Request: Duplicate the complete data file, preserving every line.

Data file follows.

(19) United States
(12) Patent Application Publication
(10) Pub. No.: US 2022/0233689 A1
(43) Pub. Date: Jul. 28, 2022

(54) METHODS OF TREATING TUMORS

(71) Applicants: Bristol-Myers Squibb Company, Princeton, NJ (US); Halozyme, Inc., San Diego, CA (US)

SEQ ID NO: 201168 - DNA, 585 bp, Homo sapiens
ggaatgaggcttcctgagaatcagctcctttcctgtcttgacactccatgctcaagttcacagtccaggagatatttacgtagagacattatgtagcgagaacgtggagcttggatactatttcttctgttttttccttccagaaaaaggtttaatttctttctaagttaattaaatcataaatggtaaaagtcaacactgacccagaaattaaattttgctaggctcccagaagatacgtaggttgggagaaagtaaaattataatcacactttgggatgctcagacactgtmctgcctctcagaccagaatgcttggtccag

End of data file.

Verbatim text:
(19) United States
(12) Patent Application Publication
(10) Pub. No.: US 2022/0233689 A1
(43) Pub. Date: Jul. 28, 2022

(54) METHODS OF TREATING TUMORS

(71) Applicants: Bristol-Myers Squibb Company, Princeton, NJ (US); Halozyme, Inc., San Diego, CA (US)

SEQ ID NO: 201168 - DNA, 585 bp, Homo sapiens
ggaatgaggcttcctgagaatcagctcctttcctgtcttgacactccatgctcaagttcacagtccaggagatatttacgtagagacattatgtagcgagaacgtggagcttggatactatttcttctgttttttccttccagaaaaaggtttaatttctttctaagttaattaaatcataaatggtaaaagtcaacactgacccagaaattaaattttgctaggctcccagaagatacgtaggttgggagaaagtaaaattataatcacactttgggatgctcagacactgtmctgcctctcagaccagaatgcttggtccag